Dorothy was perched atop the veranda, her legs dangling aimlessly. The party was starting to wind down after an afternoon of cocktails and gossip. Twilight was approaching and there was a chilly nip in the air. Laughter floated up from the garden below, but Dorothy didn’t even turn her head. She knew that particular laugh—her mother’s special laugh. Once upon a time, her mother had kept those special little laughs hidden away, and would only take them out for special occasions, or for Papa, of course. But these past few months she’d spent them generously, usually when Messrs. Pilbeam and Fry were nosing around. Dorothy didn’t like it, didn’t like them, but she bite her tongue. Silence was golden. Children should be seen not heard. She curtsied prettily and nodded attentively, but she wouldn’t smile. She never smiled.
They were coming up the stairs arm in arm in arm, smiling and laughing with frivolous abandon. The girl watched them, resisting the urge to kick the pillar petulantly. It wouldn’t have been ladylike.
“Hallo!” called Mr. Pilbeam. “Enjoying the party are we?” He grinned down at her ingratiatingly.
Catching the warning glint in her mother’s eyes, Dorothy nodded. “Yes, Mr. Pilbeam,” she replied with just enough civility to pass muster.
Not to be outdone, Mr. Fry took this opportunity to teasingly suggest that what Dorothy had enjoyed most about the party was the youngest son of one of the guests. Messrs. Pilbeam and Fry laughed boisterously, and even her mother joined in with her special laugh. Dorothy blushed prettily like a good girl, but didn’t smile. The others didn’t notice, too busy giggling. They never noticed. Children should be seen and not heard. Papa had listened sometimes, but more often than not even he would forget. Forget that even when silent, children could still see, still hear, and Dorothy saw and heard more than most.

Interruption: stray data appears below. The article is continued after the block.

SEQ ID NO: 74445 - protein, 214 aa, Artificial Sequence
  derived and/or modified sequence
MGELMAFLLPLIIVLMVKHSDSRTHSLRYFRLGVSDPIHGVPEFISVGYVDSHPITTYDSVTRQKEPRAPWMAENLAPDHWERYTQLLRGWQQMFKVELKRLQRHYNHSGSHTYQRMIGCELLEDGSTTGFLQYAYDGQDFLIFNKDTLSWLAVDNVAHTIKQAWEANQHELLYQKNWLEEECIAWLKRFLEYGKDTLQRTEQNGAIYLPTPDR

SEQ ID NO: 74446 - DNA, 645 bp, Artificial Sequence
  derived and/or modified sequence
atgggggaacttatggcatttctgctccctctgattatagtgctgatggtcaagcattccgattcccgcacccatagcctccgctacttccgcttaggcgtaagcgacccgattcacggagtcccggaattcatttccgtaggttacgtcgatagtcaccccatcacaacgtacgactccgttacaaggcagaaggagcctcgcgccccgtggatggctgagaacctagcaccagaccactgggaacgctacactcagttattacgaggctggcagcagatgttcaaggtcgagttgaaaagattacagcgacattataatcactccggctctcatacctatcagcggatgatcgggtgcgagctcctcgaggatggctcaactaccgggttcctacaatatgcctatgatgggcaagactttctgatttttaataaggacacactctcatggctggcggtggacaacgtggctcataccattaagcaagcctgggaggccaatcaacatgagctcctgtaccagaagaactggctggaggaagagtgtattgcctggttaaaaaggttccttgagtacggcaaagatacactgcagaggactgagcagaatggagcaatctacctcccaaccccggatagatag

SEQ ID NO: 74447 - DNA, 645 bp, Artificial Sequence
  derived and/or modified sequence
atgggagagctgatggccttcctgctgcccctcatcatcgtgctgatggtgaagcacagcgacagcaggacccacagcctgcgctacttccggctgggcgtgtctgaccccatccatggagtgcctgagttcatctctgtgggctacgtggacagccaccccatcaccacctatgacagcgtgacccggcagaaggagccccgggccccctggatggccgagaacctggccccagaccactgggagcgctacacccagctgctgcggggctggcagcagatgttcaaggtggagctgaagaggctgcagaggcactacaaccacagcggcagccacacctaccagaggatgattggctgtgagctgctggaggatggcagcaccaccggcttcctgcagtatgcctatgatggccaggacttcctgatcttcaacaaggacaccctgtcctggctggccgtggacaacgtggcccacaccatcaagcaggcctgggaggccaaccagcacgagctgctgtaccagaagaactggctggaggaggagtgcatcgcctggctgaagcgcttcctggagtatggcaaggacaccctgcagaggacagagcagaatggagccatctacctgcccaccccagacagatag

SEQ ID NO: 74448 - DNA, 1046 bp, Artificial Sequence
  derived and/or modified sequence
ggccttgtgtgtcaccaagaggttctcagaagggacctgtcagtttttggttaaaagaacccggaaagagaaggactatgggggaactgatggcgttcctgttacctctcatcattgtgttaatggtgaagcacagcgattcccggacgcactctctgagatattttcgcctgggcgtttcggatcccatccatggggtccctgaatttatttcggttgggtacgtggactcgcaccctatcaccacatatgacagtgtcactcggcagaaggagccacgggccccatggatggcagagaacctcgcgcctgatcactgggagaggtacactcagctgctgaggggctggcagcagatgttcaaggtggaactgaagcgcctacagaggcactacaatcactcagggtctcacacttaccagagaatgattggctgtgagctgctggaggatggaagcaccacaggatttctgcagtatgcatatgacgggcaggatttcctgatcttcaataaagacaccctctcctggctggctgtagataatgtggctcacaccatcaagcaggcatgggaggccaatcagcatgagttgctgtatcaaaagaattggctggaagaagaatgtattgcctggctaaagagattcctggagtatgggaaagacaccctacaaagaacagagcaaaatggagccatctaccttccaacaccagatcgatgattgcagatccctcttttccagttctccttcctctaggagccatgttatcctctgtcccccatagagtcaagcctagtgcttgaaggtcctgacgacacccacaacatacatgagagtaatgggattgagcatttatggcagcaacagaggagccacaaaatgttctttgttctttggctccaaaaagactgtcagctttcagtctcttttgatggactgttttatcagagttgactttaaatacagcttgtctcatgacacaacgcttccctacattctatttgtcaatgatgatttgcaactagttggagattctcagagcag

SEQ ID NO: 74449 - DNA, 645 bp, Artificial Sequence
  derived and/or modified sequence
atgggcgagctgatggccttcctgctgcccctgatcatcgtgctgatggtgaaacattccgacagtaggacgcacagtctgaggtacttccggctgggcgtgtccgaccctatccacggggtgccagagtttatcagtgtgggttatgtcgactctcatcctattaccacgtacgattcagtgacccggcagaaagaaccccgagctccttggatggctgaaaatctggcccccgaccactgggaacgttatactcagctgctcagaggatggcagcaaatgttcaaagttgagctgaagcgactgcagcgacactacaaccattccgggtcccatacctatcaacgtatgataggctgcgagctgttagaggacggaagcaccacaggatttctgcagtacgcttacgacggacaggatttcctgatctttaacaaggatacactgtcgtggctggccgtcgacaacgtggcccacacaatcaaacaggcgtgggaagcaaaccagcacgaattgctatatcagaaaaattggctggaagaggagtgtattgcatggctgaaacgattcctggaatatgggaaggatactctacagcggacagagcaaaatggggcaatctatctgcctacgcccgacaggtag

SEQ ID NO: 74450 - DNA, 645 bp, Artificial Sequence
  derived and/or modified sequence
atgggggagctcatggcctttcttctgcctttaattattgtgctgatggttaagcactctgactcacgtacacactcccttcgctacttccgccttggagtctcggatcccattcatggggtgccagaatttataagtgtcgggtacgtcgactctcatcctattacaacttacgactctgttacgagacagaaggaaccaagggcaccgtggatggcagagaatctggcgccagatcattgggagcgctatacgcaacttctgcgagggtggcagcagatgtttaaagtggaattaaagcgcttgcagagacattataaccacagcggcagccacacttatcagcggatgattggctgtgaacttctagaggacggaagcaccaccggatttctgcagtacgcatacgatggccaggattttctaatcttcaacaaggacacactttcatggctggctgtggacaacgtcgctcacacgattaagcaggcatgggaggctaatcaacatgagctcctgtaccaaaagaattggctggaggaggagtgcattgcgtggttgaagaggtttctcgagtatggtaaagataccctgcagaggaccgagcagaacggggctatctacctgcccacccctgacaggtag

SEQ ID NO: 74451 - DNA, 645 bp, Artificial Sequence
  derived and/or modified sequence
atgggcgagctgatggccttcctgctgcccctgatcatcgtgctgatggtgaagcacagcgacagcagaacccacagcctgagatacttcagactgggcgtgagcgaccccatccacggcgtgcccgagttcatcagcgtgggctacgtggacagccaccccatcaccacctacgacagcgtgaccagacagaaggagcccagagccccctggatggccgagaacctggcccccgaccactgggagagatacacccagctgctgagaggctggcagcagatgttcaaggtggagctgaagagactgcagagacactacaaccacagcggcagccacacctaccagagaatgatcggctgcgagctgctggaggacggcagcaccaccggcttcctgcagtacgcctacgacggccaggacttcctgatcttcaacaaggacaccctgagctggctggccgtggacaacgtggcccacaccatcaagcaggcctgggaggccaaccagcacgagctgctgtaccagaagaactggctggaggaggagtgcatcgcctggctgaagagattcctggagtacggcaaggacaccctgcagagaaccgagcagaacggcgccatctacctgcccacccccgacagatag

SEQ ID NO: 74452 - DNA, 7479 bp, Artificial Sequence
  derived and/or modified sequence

Trailing behind, she wondered if Pilbeam and Fry would be laughing quite so loudly if they knew what stolen moments and passing remarks she had seen and heard behind the mulberry bush. She wondered if her mother would ever laugh her special laugh again. Dorothy was a good little girl, though. She would keep her secrets; never breathe a word. But she would always be watching and listening, and she would never ever smile.